2009 City of Toronto inside and outside workers strike

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City of Toronto workers on strike.

The 2009 City of Toronto inside and outside workers strike (also known as the 2009 Toronto strike) was a legal strike action that was undertaken by the Toronto Civic Employees Union Local 416 and CUPE Local 79, two locals of the Canadian Union of Public Employees in the city of Toronto.

It involved approximately 24,000 city employees.[1]


Trash seen being put into the plastic covering sealed trash bins on June 22.

On June 22 at midnight Toronto municipal workers belonging to 2 separate unions (CUPE Local 416 - representing the outside workers, and CUPE Local 79 - representing the inside workers) went on strike following six months negotiating with the municipality over contract renewal.[2]


The union said that the main issue for the strike were requests, from the city, for concessions from the union in the new contract.[2]

According to the CBC, the main issues were regard changes to job security, seniority and the banking of sick days.[3] The previous contract allowed some[citation needed] union members to bank unused sick days and cash them out upon retirement. The city proposed contract was to disallow the practise.

CUPE Local 79 President, Ann Dembinski was quoted as saying "This is about getting a fair deal similar to what everyone else got. Everyone else was able to negotiate a collective agreement without huge takeaways. These are huge concessions. No other City of Toronto workforce has had to negotiate any concessions in order to get a collective agreement."[3]

Services affected[edit]

A sign points the way to the drop-off site at Moss Park
Temporary trash site at Christie Pits Park

Union members from Local 416 and Local 79 work in various departments within the city and the work stoppage affected many of their services, including:[4]

  • Garbage Collection - from single detached dwellings, low-rise residential dwellings and some small commercial businesses. (exception: former city of Etobicoke which contracted out services before amalgamation).
  • Parks and Recreation - including city run pools and recreation facilities, grass cutting in parks and summer programmes. Toronto Island ferries halted for visitors and residents.
  • City run daycare facilities.
  • Municipal Licensing - including building permits, signage permits, taxi cab licenses and burlesque licenses. Marriage licenses were not affected.
  • Public Health - including regular health inspections of restaurants, public pools, city beaches, city run health clinics and dental offices.
  • Toronto EMS - Ambulance service running at 75% capacity with priority calls unaffected.
  • Water Supply/Water Treatment
  • Animal Services

Garbage collection[edit]

The cessation of garbage collection was one of the more noticeable effects of the labour disruption. Four days into the strike the city announced 19 temporary garbage drop off locations for residential waste. This decision proved controversial in the neighbourhoods containing the sites as residents expressed concerns about pesticide and rodenticide spraying, as well as odour and leaching caused by the piles of garbage.[5] Junk removal entrepreneurs took the opportunity to increase their customer base, specifically because plenty of residents were left without options to deal with their garbage.[6]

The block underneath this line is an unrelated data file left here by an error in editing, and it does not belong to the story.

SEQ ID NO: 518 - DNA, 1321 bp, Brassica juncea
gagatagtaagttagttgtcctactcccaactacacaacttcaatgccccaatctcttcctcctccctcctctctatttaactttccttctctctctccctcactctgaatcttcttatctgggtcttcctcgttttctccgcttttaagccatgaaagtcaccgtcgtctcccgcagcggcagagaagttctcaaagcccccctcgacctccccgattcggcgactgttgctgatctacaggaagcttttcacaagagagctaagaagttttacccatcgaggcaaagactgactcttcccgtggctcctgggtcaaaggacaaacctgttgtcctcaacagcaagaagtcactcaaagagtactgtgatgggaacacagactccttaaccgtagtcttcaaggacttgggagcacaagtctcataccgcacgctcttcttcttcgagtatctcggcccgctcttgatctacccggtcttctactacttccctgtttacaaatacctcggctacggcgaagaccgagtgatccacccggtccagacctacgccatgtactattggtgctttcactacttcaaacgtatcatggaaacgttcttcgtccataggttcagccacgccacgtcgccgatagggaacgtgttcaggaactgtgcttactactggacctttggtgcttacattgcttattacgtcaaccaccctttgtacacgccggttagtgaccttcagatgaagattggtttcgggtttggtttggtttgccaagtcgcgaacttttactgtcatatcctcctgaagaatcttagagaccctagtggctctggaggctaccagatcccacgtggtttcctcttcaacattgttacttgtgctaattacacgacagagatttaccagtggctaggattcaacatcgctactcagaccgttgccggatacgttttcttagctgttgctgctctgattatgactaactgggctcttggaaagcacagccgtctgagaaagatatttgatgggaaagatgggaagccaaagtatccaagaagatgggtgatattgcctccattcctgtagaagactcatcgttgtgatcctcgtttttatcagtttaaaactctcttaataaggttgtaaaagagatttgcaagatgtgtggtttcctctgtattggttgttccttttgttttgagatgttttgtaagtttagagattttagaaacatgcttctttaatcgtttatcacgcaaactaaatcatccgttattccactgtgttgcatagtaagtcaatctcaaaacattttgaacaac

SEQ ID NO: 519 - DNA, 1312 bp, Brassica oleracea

Final resolution[edit]

On July 27, after extensions to a union-imposed midnight deadline to reach an agreement, CUPE local 416 President Mark Ferguson announced that the union had "the basis for a deal" with the City of Toronto. Ferguson exhorted the city to turn its attention to resolving outstanding issues with the city's inside workers represented by 416's sister local, local 79.[7][8]

The final vote by the council on the agreement put forward by the mayor resulted in 21 "yes" votes, 18 "no" votes, and 6 absences.[9]

See also[edit]


  1. ^ "Garbage strike looms in Toronto as city, union both refuse to budge". cbc.ca. 2009-06-21. Archived from the original on 2009-06-25. Retrieved 2009-07-11.
  2. ^ a b "Toronto city workers strike < Strikes and Lockouts, Ontario | CUPE". CUPE website. 2009-06-22. Archived from the original on 2009-06-24. Retrieved 2009-07-11.
  3. ^ a b "Toronto civic strike prompts warning against garbage dumping". cbc.ca. 2009-06-22. Archived from the original on 27 June 2009. Retrieved 11 July 2009.
  4. ^ "How the Strike Affects City Services". City of Toronto government website. Retrieved 14 July 2009.[permanent dead link]
  5. ^ "Contractors get access to Christie Pits dump site". Ctv.ca. 2009-07-05. Retrieved 15 July 2009.
  6. ^ "Junk companies ramp up services". ScrapHaul. 2009-06-25. Archived from the original on 2009-07-11. Retrieved 2009-08-04.
  7. ^ "Union announces a deal with city". The Globe and Mail. 2009-07-27. Retrieved 27 July 2009.
  8. ^ "Union has "basis for a deal" with City of Toronto". CP24. 2009-07-27. Retrieved 2009-07-27.
  9. ^ "How your councillor voted". The Globe and Mail. 2009-07-31. Archived from the original on 2009-08-04. Retrieved 2009-08-04.

External links[edit]